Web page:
My independent variables were highly skewed, so to normalise the distribution they were log transformed. Also since there were zeros in the data, I've added + 1 to transform the variables. This is what the model looks like (negative binomial regression):

Dependant_var ~ log(Independent_var_1 + 1) + log(Independent_var_2 + 1)

Coefficients:

Est. Std. Err. z-value sig.

log(Independent_var_1 + 1) 0.031907 0.004701 6.787 1.14e-11 ***

log(Independent_var_2 + 1) -0.019007 0.004735 -4.015 5.96e-05 ***

IRRs:

log(Independent_var_1 + 1) 1.0324219

log(Independent_var_2 + 1) 0.9811724

Now, I'm having problems understanding how to interpret the results. If the data were not log transformed, I would interpret this as follows:

If everything else is held constant, a one unit increase in Independent_var_1 would result in the decrease by 0.031 units of Dependent_var. And for IRRs – a one unit increase of Independent_var_1 will result in an expected increase of the Dependent_var by a factor of 1.032 (everything else constant).

However, I'm confused since I don't have "units" anymore, but log transformed vars. Thanks.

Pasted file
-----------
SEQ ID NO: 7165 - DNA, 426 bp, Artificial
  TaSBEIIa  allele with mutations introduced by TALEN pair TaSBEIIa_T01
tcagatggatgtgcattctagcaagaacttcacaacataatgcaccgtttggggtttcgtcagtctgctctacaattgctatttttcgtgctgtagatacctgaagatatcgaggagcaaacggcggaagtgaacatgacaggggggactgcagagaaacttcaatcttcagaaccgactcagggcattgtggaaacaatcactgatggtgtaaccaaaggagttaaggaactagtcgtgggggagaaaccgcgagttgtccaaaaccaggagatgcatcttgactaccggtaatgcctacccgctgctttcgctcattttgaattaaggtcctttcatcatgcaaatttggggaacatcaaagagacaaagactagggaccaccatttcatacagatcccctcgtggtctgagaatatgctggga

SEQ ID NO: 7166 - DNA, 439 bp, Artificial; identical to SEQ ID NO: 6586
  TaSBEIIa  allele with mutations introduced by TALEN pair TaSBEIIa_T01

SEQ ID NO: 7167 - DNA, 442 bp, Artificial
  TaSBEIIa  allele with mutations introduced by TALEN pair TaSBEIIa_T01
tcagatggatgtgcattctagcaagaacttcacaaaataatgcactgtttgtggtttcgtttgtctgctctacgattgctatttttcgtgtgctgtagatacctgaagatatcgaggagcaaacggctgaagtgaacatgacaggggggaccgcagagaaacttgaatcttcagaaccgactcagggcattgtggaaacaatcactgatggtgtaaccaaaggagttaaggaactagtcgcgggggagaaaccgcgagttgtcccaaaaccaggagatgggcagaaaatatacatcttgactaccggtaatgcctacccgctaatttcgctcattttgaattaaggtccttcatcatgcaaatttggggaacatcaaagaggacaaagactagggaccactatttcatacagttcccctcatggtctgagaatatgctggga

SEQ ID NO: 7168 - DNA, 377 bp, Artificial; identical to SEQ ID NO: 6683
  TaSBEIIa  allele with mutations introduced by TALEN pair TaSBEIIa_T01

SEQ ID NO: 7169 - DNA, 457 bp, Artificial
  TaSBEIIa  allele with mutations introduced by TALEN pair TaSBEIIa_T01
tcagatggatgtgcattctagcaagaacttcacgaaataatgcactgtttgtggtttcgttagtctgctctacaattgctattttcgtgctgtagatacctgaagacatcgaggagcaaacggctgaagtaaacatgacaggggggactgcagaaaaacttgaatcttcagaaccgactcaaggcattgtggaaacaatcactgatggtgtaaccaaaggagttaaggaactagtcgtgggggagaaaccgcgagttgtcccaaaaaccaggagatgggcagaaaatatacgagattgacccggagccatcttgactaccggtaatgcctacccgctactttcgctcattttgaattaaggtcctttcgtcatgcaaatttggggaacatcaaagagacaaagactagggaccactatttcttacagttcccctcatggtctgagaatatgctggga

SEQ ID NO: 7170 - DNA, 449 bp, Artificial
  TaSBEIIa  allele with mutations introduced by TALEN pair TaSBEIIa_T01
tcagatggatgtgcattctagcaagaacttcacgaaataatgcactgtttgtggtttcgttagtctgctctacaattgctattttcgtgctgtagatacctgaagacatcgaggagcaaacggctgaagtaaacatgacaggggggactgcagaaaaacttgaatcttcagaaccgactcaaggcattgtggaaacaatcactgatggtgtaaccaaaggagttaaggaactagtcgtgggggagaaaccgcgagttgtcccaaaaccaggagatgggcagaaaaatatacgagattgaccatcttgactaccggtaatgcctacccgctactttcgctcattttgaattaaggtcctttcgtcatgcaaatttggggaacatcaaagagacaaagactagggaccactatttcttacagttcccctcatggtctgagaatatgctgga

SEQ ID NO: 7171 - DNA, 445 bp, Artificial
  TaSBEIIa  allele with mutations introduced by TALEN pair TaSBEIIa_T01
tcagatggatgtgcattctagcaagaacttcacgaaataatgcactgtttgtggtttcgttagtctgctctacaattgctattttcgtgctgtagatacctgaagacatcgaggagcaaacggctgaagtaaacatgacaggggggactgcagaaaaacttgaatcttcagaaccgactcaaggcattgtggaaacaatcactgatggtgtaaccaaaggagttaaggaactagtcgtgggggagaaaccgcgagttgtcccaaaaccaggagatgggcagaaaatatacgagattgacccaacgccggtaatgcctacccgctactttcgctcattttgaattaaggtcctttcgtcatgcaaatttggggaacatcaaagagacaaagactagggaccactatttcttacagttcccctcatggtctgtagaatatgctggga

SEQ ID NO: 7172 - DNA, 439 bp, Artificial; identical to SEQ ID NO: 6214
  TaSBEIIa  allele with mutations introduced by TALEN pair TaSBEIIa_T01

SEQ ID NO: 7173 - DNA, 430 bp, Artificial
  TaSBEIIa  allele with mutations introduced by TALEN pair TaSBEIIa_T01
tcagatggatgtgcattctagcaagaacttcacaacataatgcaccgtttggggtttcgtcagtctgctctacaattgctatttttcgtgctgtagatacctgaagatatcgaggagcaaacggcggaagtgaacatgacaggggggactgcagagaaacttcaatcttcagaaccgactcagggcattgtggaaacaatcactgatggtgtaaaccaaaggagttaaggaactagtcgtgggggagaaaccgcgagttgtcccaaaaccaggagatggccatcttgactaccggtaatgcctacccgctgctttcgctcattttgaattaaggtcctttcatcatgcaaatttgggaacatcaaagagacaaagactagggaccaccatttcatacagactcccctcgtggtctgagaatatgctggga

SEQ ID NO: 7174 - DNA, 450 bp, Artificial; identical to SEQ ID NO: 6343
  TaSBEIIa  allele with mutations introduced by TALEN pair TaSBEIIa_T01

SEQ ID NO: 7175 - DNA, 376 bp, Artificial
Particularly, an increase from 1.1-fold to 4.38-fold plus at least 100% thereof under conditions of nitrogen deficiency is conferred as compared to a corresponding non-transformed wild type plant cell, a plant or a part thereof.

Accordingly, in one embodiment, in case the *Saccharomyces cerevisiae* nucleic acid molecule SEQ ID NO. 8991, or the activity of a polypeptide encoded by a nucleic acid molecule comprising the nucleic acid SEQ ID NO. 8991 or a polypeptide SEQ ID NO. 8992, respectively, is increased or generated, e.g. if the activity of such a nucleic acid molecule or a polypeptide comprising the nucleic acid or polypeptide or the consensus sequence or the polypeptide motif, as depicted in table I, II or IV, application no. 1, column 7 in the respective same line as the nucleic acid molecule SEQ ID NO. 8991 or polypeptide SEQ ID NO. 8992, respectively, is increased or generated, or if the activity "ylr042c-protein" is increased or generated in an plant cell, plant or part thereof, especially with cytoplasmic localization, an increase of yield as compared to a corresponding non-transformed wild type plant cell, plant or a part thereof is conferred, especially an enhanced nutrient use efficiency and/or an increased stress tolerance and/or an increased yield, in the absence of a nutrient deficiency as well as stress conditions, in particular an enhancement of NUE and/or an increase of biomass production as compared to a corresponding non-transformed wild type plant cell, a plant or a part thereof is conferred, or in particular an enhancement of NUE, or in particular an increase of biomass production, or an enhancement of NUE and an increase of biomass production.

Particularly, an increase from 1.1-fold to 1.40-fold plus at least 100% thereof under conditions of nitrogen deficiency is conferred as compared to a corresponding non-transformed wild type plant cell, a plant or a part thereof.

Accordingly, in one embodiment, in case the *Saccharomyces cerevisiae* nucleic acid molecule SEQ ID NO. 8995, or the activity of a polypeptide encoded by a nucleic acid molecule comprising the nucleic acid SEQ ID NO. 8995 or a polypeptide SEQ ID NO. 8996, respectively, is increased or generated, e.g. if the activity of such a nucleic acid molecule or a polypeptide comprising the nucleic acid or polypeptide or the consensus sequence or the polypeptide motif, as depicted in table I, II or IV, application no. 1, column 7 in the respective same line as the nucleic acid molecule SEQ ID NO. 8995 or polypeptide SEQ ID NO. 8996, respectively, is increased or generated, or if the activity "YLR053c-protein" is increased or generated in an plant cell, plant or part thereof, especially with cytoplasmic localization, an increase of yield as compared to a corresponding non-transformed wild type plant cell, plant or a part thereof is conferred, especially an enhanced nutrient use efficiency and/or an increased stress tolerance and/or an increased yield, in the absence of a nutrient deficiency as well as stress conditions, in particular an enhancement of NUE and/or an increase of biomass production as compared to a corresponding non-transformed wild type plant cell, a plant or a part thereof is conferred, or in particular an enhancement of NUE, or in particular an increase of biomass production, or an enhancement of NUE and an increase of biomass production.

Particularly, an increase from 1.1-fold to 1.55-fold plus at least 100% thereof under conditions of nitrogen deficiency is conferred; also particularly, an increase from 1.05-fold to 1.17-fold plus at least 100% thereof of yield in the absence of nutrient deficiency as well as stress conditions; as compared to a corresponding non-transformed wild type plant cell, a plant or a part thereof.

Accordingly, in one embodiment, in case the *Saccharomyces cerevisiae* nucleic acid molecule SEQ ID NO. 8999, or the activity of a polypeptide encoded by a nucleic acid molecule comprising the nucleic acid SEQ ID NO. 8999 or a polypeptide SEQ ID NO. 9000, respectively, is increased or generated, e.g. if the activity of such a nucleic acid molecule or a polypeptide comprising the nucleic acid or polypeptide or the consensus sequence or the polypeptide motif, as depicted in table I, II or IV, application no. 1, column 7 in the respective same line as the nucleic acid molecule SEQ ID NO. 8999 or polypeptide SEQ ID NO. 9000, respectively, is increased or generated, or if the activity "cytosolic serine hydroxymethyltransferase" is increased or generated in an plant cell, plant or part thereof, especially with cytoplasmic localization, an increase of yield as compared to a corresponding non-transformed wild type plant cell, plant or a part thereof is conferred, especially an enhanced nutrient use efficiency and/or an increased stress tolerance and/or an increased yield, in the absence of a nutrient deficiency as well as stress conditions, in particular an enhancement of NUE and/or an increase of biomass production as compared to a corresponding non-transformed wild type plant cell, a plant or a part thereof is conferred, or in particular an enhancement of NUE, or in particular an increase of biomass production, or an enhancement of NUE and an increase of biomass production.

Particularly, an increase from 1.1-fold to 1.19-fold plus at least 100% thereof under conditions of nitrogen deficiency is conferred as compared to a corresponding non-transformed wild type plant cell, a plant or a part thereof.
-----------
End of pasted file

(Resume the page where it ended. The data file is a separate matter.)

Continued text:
Dependant_var ~ log(Independent_var_1 + 1) + log(Independent_var_2 + 1)

Coefficients:

Est. Std. Err. z-value sig.

log(Independent_var_1 + 1) 0.031907 0.004701 6.787 1.14e-11 ***

log(Independent_var_2 + 1) -0.019007 0.004735 -4.015 5.96e-05 ***

IRRs:

log(Independent_var_1 + 1) 1.0324219

log(Independent_var_2 + 1) 0.9811724

Now, I'm having problems understanding how to interpret the results. If the data were not log transformed, I would interpret this as follows:

If everything else is held constant, a one unit increase in Independent_var_1 would result in the decrease by 0.031 units of Dependent_var. And for IRRs – a one unit increase of Independent_var_1 will result in an expected increase of the Dependent_var by a factor of 1.032 (everything else constant).

However, I'm confused since I don't have "units" anymore, but log transformed vars. Thanks.

Last edited: